Re: Comments on Extensible Prioritization Scheme for HTTP

On Sat, Apr 09, 2022 at 09:58:16AM -0400, Glenn Strauss wrote:
> On Sat, Apr 09, 2022 at 02:37:56PM +0200, Willy Tarreau wrote:
> > On Sat, Apr 09, 2022 at 07:25:57AM -0400, Glenn Strauss wrote:
> > > For widest client compatibility, lighttpd also plan to omit sending
> > 
> > HAProxy doesn't implement priority either and currently sends nothing.
> > However once this draft becomes standard, I plan to send this setting
> > to inform compatible clients that they do not have to expect any
> > particular behavior from it on this point. It's not a matter of client
> > compatibility, H2 agents are required to ignore unkonwn settings, so
> > those unaware of this setting will not change anything, while those
> > aware of it will benefit from it.
> It would be trivial for lighttpd to unconditionally send
> SETTINGS_NO_RFC7540_PRIORITIES=1 with server connection preface.
> However, I am choosing not to do so (at least for now) due to:
> "The need for such a technique was demonstrated recently by an HTTP/2
>  implementation which closed the connection upon receipt of an unknown
>  setting."
> I do not know which client this was or how widely it is used, but it is
> mentioned in the grease draft as a good reason supporting greasing

It can happen from time to time on early implementations, which is why
greasing is good. But usually such implementations don't last long.
Several times we noticed trouble with websocket a long time ago and H2
more recently that were caused in fact by anti-malware programs plugged
into browsers and inspecting the stream. Having the user disable them
was enough to fix the trouble, which was likely sufficient to report
the issue to the vendor and have it fixed soon. It turns out that the
whole web mostly runs on very few implementations (both clients and
servers), and if you have just 2-3 of them that induce breakage with a
non-compliant one, that last one is urged to get fixed otherwise it will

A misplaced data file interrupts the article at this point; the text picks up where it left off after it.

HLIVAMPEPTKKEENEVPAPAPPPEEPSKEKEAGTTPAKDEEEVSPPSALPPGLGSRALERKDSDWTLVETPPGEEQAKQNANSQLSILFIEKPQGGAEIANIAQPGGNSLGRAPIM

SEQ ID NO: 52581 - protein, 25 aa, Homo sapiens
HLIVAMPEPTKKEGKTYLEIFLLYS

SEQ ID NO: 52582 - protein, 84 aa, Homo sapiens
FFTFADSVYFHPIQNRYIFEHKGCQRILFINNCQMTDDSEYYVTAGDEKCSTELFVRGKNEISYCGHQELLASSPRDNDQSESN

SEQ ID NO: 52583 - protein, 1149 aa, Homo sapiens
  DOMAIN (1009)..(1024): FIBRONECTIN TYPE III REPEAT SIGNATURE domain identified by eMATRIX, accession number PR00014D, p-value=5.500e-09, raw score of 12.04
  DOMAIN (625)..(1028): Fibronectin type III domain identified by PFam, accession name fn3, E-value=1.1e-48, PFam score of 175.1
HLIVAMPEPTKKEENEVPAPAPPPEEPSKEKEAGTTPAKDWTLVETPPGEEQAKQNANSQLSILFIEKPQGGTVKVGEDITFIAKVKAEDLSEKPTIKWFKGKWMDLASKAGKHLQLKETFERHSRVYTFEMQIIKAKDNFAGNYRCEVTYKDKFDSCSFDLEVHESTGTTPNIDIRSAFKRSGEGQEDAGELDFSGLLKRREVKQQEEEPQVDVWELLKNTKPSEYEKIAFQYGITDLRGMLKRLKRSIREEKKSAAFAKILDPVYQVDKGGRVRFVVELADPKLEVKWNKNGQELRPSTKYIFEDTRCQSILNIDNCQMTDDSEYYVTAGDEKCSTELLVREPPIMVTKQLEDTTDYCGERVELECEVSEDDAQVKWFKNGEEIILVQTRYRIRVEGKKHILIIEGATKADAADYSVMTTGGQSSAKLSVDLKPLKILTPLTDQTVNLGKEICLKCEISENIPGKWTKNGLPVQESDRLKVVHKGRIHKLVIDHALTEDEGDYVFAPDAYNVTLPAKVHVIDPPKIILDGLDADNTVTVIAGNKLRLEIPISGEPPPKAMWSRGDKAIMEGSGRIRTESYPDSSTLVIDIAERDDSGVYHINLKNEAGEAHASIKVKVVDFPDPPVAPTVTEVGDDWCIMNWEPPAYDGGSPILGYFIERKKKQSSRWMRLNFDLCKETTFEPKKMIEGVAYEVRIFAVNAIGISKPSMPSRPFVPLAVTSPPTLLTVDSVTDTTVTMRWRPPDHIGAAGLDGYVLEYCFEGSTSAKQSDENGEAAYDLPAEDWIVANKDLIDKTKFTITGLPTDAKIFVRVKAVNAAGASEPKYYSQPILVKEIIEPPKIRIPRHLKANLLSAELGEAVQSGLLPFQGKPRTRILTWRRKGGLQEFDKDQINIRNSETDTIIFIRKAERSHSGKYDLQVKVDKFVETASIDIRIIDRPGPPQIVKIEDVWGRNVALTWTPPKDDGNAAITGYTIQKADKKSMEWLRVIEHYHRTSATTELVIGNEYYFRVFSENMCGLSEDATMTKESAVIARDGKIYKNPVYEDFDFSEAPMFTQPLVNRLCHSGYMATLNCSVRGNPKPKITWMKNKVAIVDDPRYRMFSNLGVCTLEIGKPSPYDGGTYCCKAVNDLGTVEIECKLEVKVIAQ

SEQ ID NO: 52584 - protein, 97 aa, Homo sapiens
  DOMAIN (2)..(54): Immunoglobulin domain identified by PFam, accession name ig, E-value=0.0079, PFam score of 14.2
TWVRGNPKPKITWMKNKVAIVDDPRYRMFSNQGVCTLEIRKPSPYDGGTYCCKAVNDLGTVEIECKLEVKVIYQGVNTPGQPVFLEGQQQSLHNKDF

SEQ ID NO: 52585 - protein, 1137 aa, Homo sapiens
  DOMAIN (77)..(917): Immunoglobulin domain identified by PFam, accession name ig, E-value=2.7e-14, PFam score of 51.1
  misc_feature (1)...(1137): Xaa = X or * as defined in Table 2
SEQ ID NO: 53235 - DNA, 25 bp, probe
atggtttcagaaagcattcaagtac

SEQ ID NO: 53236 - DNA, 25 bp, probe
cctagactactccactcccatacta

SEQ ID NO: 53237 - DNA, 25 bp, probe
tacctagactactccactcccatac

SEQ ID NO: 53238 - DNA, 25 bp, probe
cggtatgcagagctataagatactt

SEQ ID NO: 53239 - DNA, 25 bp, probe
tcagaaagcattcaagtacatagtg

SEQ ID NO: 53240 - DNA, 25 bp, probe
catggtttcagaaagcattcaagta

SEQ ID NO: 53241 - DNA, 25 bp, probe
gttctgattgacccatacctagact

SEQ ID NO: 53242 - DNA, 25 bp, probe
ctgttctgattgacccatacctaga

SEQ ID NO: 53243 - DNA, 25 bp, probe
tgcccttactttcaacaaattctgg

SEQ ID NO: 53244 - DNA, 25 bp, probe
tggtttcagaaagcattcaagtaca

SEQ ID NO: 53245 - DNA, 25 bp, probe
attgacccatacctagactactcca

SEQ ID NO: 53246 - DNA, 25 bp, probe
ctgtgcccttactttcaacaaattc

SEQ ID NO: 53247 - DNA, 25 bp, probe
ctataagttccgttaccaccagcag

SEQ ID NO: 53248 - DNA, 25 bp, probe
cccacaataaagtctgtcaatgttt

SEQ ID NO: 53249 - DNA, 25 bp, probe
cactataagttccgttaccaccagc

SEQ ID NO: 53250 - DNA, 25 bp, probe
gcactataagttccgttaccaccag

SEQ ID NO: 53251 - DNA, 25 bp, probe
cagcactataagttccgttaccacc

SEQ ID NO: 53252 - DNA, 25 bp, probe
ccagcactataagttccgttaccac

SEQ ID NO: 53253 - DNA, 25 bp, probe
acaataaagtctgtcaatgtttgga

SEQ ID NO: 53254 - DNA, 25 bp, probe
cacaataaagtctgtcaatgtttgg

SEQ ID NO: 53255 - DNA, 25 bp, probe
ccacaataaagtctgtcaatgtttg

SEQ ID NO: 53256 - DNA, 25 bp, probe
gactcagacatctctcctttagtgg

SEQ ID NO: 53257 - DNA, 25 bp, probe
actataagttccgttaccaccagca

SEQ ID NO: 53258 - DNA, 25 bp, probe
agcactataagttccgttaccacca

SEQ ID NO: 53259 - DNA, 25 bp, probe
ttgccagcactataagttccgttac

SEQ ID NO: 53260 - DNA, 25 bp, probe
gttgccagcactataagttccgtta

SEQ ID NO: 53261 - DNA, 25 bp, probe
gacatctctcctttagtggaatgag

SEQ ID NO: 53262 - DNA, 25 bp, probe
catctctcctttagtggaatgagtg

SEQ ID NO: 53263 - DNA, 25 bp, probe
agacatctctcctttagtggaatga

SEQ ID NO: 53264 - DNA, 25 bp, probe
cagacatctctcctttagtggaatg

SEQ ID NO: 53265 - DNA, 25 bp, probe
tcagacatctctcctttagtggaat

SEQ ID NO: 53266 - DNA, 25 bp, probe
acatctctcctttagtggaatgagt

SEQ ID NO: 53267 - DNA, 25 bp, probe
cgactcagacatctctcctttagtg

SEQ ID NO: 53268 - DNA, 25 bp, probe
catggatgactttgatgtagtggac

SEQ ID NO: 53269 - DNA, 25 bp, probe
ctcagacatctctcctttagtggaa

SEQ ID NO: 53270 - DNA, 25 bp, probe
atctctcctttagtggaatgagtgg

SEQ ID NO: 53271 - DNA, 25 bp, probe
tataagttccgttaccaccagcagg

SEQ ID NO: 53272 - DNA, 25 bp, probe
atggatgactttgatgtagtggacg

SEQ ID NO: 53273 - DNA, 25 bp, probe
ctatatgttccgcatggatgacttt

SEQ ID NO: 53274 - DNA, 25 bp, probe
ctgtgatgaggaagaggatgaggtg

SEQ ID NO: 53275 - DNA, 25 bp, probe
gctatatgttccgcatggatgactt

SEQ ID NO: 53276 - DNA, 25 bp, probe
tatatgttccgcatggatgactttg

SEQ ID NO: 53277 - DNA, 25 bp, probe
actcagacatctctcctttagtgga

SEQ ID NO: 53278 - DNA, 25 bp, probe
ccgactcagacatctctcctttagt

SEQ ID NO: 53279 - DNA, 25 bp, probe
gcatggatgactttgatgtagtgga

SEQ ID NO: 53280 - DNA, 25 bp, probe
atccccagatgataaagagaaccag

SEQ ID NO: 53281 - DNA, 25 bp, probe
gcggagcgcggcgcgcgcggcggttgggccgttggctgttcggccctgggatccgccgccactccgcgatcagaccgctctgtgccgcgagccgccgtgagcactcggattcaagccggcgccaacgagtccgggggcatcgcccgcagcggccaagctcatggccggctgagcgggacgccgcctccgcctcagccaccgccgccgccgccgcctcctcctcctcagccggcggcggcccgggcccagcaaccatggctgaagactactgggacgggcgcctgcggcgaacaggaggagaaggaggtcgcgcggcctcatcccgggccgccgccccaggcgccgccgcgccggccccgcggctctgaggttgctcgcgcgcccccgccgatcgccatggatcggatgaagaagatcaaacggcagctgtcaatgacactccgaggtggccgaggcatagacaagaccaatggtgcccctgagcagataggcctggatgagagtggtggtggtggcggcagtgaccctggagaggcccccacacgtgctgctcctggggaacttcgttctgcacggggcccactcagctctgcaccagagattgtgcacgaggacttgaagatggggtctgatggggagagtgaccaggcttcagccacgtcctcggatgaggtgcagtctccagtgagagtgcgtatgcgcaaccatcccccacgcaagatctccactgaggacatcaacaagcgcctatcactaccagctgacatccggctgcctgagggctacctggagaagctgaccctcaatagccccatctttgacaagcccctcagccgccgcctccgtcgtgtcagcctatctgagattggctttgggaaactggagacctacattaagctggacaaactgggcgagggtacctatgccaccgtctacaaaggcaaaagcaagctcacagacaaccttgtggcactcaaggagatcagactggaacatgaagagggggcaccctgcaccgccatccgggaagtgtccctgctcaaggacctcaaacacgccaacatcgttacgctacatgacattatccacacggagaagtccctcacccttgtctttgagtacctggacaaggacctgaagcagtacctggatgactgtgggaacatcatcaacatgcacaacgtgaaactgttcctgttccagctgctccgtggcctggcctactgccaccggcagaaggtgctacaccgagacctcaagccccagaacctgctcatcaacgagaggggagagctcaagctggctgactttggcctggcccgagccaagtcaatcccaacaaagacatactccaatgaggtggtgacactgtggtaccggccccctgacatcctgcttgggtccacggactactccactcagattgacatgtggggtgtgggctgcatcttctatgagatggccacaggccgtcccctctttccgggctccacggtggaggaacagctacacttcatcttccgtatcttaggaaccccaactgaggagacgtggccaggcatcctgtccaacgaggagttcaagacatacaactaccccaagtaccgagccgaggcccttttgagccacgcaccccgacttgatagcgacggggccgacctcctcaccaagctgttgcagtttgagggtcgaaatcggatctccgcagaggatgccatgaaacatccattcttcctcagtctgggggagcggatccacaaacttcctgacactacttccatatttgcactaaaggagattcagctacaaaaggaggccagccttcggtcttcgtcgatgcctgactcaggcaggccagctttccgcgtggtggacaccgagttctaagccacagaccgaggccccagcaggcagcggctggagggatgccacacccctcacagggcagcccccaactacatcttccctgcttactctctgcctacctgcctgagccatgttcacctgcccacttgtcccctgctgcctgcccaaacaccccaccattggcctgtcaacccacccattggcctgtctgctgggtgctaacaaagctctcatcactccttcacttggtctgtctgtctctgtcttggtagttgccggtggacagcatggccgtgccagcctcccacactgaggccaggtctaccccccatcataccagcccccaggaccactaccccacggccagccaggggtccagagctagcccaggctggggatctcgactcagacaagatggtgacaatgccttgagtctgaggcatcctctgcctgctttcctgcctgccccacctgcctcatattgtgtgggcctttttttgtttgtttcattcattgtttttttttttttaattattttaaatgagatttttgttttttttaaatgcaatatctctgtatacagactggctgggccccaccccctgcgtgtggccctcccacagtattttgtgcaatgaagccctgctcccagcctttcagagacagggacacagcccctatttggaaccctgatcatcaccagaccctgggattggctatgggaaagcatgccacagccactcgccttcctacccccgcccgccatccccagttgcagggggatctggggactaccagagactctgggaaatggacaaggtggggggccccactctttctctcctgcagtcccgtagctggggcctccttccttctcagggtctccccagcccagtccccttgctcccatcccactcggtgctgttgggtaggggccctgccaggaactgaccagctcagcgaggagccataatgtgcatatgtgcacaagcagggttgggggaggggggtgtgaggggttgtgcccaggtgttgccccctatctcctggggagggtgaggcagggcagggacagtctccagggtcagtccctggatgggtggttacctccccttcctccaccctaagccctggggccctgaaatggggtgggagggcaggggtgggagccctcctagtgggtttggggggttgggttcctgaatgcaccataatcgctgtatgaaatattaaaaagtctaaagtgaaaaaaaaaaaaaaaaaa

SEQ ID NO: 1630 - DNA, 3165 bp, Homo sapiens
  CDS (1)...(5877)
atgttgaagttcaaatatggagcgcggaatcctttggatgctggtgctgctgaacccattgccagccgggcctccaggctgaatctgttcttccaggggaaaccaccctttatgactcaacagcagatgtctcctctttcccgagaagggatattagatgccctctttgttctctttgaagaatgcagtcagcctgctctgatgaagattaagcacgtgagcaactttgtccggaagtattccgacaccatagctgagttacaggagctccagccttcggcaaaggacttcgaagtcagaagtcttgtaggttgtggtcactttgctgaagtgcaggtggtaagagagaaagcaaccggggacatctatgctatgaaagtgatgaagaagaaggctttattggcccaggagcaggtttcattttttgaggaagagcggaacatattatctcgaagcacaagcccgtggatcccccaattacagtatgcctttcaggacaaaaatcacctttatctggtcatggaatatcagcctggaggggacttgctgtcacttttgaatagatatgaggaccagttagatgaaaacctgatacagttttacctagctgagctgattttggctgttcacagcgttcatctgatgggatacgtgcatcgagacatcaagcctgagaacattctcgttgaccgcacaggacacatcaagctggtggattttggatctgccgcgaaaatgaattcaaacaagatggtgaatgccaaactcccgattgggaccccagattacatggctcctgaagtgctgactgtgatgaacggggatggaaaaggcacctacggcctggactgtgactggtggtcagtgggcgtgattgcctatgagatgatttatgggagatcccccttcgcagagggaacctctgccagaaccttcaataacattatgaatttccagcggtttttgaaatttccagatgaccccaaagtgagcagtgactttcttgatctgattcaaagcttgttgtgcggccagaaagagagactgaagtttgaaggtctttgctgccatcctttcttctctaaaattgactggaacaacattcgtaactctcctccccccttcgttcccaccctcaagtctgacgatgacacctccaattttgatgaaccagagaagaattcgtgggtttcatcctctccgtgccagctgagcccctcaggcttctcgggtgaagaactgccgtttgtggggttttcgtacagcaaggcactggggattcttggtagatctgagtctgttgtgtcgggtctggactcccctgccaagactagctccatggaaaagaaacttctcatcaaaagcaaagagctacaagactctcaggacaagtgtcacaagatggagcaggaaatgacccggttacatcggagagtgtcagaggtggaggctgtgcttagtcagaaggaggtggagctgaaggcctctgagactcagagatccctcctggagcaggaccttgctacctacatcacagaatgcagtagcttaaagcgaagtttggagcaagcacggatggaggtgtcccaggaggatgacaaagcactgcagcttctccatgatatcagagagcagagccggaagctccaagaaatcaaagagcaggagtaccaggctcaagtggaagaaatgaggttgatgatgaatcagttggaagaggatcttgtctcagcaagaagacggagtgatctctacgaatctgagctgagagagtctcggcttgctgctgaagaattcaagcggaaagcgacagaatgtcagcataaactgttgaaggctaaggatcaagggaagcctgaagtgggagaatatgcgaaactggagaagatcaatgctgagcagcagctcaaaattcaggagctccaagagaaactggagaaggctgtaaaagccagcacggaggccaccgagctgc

become so much unusable that it will disappear.

> I have completed implementing PRIORITY_UPDATE on my public dev branch.
> I want to avoid a lighttpd upgrade breaking an existing client when
> PRIORITY_UPDATE is not yet standardized.

You shouldn't worry about this, really. Implementations that break with
lighttpd will have trouble visiting many sites, and would probably have
trouble with some sites already. It's more difficult when you deal with
embedded clients (software updates from cars, IoT devices, payment
terminals etc) that are not updated often, because you may have to add
an option to disable this. But quite frankly, you'd rather implement
what you need to improve your users' experience than live in the past by
fear of breaking already broken clients. I'm personally very careful about
not breaking stuff, and despite this we continue to move forward. A few
times we've met trouble with extremely popular clients that were very
quickly resolved, either on our side if we were faulty, or on the browser
side when it was their turn, and in the end users were very pleased by
the reactivity and already don't remember about this.

The real risk you're facing by implementing something that is not standardized
is to have to change some frame IDs or the behavior id these were to change
later. That's a risk I'm willing to take during development but not in LTS
versions, even though it's extremely low.

> > > Currently, SETTINGS_NO_RFC7540_PRIORITIES=1 is proposed for client to
> > > tell the server that the server need not keep RFC7540 PRIORITY state,
> > > but existing clients do not send that, and many also do not utilize
> > 
> > The most important is that many clients *do* support priority, that
> > these ones are already deployed and working fine, and that you cannot
> > suddenly break them by telling them "ah, you didn't read the news, the
> > default value recently changed and while you used to comply with the
> > standard now you violate it".
> Prioritization signals may be ignored by the server.  Clients will not